Dean of Undergraduate Education speaks on navigating spiritual journeys


Richard Gill, the dean of Undergraduate Education and the BYU Biology Department chair, gave a devotional counseling students on how to navigate their spiritual journeys on Tuesday, July 9.

Gill has been the dean of Undergraduate Education since 2022. His research interests lie in conservation biology, plant physiological ecology and global change ecology. He also headed the BYU course UNIV 101: BYU Foundations for Student Success.

Gill began his address with an anecdote from the father of one of his graduate students who is involved in the Polynesian Voyaging Society and the Polynesian Cultural Center. He taught Gill that Pacific Islanders employ historically accurate navigational approaches when sailing canoes without modern technology. He said they constantly ask themselves two questions both at sunrise and sunset: Where are we? What is our heading?

Gill applied this concept to BYU students’ lives in a spiritual context. “We should daily ask, as a disciple and a scholar, what are the observations and choices that I’m making that tell me where I am and where I’m headed?” Gill said.

The lessons and pieces of advice Gill offered in his address were structured around many accounts of voyaging and discovery he has either learned about or experienced himself throughout his research. While he spoke of voyagers using a variety of resources to discover far-away lands like the Pacific Islands and New Zealand, he mentioned that those stories can inspire students at BYU as well.

“Our task is to discover how we can use the refining experiences, resources and community of BYU to stay on the covenant path, to let God prevail in our lives, to building bridges of understanding that help us to reduce conflict and division in our communities, to live a life of gratitude, become peacemakers, to repent, seek forgiveness, and forgive others and ultimately build a life that’s guided by celestial ideas,” Gill said.

Gill offered a framework for how students can make essential observations in their own journeys of discovery.

“First, observe how the Spirit is drawing you toward particular people or problems,” Gill said. “Second, observe how to develop your unique suite of spiritual strengths so that you might become a better disciple. And third, observe how the hand of God blesses and guides you, and give thanks for those blessings.”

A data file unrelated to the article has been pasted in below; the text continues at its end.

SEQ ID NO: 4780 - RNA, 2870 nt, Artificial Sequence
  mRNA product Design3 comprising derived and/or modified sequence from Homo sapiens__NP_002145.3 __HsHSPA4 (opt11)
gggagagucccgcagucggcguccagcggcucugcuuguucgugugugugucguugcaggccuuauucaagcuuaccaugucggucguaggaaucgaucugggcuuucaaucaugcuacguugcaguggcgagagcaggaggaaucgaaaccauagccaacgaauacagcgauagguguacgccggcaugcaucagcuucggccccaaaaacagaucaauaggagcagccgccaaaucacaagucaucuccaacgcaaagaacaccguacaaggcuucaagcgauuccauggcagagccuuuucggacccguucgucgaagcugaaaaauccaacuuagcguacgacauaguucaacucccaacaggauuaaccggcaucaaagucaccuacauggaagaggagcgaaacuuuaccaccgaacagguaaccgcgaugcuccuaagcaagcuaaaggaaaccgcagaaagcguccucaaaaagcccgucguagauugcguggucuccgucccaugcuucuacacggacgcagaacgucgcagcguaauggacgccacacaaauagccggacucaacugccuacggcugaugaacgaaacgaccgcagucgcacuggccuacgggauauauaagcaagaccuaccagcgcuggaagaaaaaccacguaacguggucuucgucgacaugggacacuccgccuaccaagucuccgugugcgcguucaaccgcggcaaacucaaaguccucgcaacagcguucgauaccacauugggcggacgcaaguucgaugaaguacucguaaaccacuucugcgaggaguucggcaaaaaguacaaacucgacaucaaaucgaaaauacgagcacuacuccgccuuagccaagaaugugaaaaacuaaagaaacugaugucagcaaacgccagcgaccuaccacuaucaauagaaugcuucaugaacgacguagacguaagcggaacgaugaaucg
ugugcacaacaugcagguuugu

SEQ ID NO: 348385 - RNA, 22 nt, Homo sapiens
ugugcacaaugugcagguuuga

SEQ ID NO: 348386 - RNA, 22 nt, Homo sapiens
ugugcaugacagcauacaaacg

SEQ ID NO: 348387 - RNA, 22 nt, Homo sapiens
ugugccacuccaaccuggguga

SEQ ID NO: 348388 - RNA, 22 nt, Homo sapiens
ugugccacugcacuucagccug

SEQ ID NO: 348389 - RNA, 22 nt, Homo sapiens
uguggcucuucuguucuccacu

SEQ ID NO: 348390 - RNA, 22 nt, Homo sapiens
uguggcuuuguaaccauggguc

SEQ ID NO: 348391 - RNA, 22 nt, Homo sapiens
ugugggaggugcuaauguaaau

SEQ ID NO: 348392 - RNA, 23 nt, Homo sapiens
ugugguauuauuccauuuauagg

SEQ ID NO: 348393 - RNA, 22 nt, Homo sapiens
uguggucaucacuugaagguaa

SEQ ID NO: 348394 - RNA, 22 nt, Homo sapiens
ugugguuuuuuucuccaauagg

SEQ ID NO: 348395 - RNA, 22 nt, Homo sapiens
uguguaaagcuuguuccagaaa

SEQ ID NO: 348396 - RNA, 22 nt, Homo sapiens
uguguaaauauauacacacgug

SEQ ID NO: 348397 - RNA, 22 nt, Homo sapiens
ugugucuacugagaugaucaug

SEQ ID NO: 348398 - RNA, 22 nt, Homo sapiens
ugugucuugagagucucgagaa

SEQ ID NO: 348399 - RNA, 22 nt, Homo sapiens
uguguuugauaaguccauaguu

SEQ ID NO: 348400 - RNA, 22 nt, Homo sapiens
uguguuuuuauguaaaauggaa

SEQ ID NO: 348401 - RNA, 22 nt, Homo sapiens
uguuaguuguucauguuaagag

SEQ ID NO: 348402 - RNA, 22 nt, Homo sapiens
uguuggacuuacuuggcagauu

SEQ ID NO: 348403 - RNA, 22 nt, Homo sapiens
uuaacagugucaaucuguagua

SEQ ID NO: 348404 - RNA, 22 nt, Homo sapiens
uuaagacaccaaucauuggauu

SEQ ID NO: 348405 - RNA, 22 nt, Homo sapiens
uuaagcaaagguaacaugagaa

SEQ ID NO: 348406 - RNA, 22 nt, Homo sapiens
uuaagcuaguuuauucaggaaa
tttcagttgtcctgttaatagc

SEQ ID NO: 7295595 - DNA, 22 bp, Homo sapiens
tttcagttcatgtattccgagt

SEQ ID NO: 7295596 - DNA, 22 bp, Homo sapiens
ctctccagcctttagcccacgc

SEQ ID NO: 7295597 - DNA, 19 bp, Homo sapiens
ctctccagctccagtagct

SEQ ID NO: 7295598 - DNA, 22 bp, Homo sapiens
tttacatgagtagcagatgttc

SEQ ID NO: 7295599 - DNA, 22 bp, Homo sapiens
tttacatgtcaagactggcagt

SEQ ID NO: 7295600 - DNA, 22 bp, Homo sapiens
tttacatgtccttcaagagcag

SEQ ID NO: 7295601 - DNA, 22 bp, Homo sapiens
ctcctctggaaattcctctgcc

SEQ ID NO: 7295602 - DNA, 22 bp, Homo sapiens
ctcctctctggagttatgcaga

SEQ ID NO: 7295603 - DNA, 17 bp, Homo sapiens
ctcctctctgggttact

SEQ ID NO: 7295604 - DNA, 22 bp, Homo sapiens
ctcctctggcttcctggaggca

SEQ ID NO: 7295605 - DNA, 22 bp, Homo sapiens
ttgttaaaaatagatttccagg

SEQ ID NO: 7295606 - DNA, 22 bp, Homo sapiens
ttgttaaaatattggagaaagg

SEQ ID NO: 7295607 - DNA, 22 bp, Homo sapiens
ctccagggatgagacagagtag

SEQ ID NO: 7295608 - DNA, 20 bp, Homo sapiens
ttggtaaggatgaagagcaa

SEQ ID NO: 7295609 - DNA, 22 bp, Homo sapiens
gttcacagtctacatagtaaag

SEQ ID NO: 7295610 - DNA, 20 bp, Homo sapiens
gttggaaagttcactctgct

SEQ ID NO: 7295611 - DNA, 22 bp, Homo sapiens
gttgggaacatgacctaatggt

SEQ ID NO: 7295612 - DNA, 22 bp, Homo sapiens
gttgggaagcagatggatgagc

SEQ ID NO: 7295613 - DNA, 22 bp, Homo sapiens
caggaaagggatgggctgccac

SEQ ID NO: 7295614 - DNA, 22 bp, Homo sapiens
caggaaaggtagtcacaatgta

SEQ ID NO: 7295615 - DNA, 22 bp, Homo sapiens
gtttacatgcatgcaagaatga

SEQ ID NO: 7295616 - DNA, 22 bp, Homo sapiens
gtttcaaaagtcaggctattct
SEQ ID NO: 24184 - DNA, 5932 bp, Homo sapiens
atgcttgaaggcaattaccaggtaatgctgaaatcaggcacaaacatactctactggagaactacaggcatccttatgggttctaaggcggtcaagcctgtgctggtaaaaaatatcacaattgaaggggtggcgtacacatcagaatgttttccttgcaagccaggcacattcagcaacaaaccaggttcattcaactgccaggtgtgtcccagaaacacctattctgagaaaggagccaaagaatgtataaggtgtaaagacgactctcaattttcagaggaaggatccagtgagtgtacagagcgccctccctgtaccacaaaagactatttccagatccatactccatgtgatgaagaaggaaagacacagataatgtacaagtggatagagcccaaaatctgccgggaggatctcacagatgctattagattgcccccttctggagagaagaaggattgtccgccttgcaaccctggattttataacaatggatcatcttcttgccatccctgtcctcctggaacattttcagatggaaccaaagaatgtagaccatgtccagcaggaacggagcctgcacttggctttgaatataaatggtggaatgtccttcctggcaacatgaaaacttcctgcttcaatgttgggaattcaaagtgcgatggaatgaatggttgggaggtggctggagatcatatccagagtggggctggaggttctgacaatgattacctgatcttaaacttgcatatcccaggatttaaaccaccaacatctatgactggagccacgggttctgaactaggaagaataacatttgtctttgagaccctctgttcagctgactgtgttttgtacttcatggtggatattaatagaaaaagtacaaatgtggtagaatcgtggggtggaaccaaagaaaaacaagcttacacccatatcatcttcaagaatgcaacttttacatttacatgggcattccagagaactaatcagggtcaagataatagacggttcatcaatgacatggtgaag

Richard Gill, dean of undergraduate education, delivers a devotional on Tuesday, July 9. Gill spoke on how BYU students can navigate their spiritual journeys. (Courtesy of BYU Photo)

After receiving many scholarly successes and living a busy life of research, deadlines and academia, Gill realized he had to take time to pause and express gratitude for the Savior’s hand in his life.

“Gratitude emerges when we recognize the source of joy in our lives and couple that with the wonder of how God’s hand guides and blesses us,” Gill said.

Gill continued by sharing an experience he had earlier this summer while he was conducting research off the coast of O’ahu, Hawaii. His team was using an underwater robot to survey coral reefs that did not have GPS or Wifi features. After launching the robot in an unfamiliar area, the research team realized the robot had become stuck after clipping the top of an old outcropping of lava flow.

Thankfully, the team had programmed a way for the robot to “safely fail,” according to Gill. The robot was able to push through the rock and resurface so they could recover it. He explained how this experience reminded him that all individuals often face the need for course-correcting in life.

“Our covenantal commitments coupled with the promises of our Savior can reassure us that as we journey into the unknown, we can sense when we are off track, face looming obstacles or how we can fail safely,” Gill said. “Failure, reorienting repentance and setting out again is part of the perfecting process. If we don’t sense a need of course correction, it likely means we aren’t voyaging at the edges of our abilities, our experience or current knowledge.”

Gill added that he and his family wishes they had a “spiritual GPS” to guide them through life. Instead, they must find out how to navigate through their own discernment.

“We sail toward the horizon with faith, a little bit and sometimes a lot of anxiety, and certainly excitement,” Gill said.

To truly become a school in Zion, Gill explained students must take after the examples of voyagers that adopted an attitude of meekness in building a community. He referenced President Jeffrey R. Holland’s BYU address in August 1988, where he asked students to prioritize fusing together gospel perspectives into every discipline.

“If we are to navigate by the ideal of mission-inspired scholarship and covenantal belonging, we will need to be meek enough to see the divine aspects of all disciplines and integrate our religious, general and disciplinary education,” Gill said.

Gill concluded by expressing how a journey always ends with the return. He put this in the context of students’ return to Heavenly Father while on their spiritual journeys.

“It is my prayer that as we look back on our life journey, we see how our discipleship shaped every single choice,” Gill said. “I’m grateful for the reprieve that I’ve been given and hope that we can all journey together, surrounded by wonder and evidence of God’s hand in our journey.”

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